In relation to the first question, note was made in Rattray v Queensland Racing Integrity Commission[39] of the difference in terminology as between rule 191(1) and rule 191(2). The verb ‘analyses’ does not appear in rule 191(1). Rather, that sub-rule is framed in terms of requiring a certificate from an approved person or laboratory which certifies the presence of a prohibited substance in the tested sample. On the other hand, conclusive evidence arises under rule 191(2) where ‘another’ person or laboratory analyses the sample and certifies the presence of a prohibited substance. It is stated in Rattray that “the sub-rule appears to contemplate that the person certifying is one and the same person who performs the analysis of the sample”.[40] However, because this was not a ground of appeal and was only belatedly raised in argument, and because there was no evidence as to what is actually involved in an ‘analysis’, the Tribunal did not determine that issue.[41]
  3. [35]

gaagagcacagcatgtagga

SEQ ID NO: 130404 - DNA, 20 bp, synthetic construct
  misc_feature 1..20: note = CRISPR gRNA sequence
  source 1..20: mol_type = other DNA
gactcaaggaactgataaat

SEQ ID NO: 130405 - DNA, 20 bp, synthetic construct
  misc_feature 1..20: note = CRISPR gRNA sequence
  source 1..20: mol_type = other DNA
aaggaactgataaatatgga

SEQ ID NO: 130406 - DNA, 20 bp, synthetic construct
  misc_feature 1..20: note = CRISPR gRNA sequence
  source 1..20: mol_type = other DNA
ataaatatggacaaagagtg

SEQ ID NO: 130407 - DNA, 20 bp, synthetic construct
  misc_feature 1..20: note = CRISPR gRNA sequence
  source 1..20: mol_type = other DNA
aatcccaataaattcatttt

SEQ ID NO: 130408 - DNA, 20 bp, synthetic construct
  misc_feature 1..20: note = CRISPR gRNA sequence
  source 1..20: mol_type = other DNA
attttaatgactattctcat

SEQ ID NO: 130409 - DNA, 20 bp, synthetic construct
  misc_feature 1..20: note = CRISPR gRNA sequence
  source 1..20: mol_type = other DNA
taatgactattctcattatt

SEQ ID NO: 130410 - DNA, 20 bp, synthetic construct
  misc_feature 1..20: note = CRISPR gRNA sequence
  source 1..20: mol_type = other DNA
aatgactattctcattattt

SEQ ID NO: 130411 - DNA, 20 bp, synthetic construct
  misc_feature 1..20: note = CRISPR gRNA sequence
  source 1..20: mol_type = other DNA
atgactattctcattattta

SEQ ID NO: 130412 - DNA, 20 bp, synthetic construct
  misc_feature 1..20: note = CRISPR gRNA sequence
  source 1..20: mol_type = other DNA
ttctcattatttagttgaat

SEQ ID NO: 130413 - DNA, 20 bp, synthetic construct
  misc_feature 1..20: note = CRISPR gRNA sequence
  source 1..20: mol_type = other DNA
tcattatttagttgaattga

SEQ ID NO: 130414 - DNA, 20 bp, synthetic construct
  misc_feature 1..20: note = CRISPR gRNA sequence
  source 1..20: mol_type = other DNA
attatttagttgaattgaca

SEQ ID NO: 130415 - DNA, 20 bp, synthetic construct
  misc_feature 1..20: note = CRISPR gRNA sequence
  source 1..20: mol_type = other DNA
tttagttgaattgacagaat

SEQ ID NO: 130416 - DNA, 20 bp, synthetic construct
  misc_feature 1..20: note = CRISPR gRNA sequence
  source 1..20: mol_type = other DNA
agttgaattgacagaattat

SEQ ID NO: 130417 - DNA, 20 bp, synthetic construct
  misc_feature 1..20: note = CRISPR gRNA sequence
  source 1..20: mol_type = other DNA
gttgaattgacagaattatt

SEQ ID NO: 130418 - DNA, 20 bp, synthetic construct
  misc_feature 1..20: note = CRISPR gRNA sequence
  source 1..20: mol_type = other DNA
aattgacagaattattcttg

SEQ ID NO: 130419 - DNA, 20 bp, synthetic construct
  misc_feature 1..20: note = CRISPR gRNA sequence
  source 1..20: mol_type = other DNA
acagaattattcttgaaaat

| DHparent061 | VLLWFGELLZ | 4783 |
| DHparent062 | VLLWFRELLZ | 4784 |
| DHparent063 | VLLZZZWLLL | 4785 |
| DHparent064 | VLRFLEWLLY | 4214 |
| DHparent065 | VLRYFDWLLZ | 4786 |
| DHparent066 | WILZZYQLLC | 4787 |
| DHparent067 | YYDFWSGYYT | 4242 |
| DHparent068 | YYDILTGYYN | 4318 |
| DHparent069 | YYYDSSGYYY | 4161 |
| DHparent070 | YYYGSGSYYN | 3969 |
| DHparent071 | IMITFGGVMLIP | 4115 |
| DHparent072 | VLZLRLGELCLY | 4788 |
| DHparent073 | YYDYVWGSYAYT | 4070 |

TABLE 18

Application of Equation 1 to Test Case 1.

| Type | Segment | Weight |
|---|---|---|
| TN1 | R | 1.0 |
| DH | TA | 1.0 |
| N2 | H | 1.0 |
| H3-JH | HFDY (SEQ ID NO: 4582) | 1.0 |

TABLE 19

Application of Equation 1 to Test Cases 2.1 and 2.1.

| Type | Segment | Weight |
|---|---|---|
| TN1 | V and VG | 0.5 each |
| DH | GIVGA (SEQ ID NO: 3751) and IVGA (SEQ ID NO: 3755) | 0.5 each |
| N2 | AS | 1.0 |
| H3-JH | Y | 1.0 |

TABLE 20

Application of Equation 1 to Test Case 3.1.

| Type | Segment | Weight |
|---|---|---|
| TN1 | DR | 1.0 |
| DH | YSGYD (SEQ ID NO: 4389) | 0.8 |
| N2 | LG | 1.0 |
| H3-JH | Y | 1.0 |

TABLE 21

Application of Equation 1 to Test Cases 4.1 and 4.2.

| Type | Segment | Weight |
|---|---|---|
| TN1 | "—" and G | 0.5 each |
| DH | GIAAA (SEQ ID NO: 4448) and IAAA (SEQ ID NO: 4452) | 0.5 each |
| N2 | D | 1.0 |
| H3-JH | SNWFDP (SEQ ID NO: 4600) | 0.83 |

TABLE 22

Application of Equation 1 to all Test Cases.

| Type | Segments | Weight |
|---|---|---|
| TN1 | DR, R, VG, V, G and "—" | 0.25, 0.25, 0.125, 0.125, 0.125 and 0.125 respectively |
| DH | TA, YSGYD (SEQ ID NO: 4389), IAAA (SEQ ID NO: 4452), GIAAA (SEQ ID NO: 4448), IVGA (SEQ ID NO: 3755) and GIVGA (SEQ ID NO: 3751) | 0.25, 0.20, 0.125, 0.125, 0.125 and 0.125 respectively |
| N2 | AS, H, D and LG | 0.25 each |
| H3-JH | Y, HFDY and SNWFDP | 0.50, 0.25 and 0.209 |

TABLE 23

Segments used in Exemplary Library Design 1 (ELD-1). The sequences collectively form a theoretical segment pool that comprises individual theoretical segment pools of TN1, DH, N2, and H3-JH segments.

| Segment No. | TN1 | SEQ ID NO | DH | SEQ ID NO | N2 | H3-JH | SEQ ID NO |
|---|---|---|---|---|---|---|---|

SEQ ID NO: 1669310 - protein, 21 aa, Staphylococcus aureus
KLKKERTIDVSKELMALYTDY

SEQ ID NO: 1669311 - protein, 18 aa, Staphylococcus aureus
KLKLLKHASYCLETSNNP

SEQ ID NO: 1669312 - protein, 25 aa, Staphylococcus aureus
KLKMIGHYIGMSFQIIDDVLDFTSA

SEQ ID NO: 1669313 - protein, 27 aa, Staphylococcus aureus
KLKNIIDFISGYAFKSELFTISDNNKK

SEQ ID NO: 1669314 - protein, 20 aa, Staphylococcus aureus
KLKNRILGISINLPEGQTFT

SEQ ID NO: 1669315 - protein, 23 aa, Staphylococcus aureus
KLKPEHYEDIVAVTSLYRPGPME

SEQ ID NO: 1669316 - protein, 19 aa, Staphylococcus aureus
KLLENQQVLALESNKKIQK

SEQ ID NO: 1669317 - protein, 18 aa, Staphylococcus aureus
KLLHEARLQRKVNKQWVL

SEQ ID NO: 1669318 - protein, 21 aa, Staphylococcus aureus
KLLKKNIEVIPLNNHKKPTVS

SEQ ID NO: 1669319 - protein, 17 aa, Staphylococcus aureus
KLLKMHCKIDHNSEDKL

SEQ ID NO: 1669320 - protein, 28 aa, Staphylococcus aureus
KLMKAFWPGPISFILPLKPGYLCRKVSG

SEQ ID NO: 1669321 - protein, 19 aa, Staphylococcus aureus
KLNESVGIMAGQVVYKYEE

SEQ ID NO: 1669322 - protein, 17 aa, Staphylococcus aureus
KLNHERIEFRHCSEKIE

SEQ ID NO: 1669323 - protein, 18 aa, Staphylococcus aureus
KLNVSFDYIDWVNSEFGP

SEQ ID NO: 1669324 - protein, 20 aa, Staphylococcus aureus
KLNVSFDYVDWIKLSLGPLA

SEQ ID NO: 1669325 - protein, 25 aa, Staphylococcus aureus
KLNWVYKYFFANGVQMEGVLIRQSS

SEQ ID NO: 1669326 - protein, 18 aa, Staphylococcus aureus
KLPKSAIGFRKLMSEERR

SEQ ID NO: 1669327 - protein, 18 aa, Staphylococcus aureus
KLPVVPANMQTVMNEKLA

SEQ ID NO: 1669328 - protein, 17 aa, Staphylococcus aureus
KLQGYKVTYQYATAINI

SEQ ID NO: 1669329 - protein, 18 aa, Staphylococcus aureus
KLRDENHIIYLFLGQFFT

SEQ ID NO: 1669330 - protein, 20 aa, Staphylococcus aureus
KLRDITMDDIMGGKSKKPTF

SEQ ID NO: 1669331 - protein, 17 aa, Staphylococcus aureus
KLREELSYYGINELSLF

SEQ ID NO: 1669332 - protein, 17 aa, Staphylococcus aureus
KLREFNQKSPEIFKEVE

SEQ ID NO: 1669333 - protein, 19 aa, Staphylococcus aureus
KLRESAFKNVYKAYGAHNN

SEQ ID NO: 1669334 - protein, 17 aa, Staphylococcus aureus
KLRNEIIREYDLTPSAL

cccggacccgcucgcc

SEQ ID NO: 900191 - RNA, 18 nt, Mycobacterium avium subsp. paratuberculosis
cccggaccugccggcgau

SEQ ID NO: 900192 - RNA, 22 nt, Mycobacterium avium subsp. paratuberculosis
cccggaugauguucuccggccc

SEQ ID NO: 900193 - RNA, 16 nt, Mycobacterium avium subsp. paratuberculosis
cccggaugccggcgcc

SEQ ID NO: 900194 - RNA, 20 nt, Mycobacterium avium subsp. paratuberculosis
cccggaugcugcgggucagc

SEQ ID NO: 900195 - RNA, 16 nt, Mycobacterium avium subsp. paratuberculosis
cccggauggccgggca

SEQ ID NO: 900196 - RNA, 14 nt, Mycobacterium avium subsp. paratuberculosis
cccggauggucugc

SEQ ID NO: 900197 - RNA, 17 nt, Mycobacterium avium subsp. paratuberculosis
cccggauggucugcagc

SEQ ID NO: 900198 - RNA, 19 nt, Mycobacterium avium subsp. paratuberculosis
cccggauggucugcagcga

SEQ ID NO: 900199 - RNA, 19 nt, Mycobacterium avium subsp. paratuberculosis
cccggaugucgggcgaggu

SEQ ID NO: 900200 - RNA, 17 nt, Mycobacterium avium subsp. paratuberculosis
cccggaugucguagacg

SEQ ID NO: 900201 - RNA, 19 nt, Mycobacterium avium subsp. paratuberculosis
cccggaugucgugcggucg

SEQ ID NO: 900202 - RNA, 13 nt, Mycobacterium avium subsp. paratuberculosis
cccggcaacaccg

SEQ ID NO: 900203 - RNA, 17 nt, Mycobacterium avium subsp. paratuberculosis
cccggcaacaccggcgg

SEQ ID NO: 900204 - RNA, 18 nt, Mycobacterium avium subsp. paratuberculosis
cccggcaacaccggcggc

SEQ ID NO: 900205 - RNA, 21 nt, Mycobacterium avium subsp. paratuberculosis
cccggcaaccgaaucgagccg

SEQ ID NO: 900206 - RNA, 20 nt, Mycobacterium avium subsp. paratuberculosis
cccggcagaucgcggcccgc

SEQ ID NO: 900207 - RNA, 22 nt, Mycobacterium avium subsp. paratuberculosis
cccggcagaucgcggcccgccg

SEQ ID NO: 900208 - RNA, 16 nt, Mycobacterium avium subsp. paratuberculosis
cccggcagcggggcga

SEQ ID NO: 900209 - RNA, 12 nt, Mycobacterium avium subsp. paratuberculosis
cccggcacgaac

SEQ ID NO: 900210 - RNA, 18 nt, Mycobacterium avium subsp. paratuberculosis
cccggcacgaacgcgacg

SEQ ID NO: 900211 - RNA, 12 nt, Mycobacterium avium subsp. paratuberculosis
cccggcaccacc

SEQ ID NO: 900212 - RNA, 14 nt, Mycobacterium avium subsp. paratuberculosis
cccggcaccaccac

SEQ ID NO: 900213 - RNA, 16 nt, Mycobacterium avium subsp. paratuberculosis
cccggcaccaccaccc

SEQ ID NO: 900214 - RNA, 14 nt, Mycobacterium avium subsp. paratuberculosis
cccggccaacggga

On the other hand, in the present case there was evidence as to the process of analysis. That is referred to below. In my view, there does not appear to be any reason why the person conducting the analysis need be one and the same as the person issuing the certificate, providing they both have relevant approvals under rule 191 and that neither was involved in the rule 191(1) analysis and certification.[42] The evident object of rule 191(2) is to ensure that those involved in the second analysis and certification had no involvement with the first. As noted in Rattray, the very purpose of Rule 191(2) ‘is to provide an independent confirmation of the first certificate’.[43] That is achieved where neither the certifier nor analyst were involved in the first testing process. Also, it is noted that rule 191(2) allows testing by another person or drug testing laboratory. Read separately in relation to a laboratory, the sub-rule simply requires that the laboratory analyses the sample and certifies the presence of a prohibited substance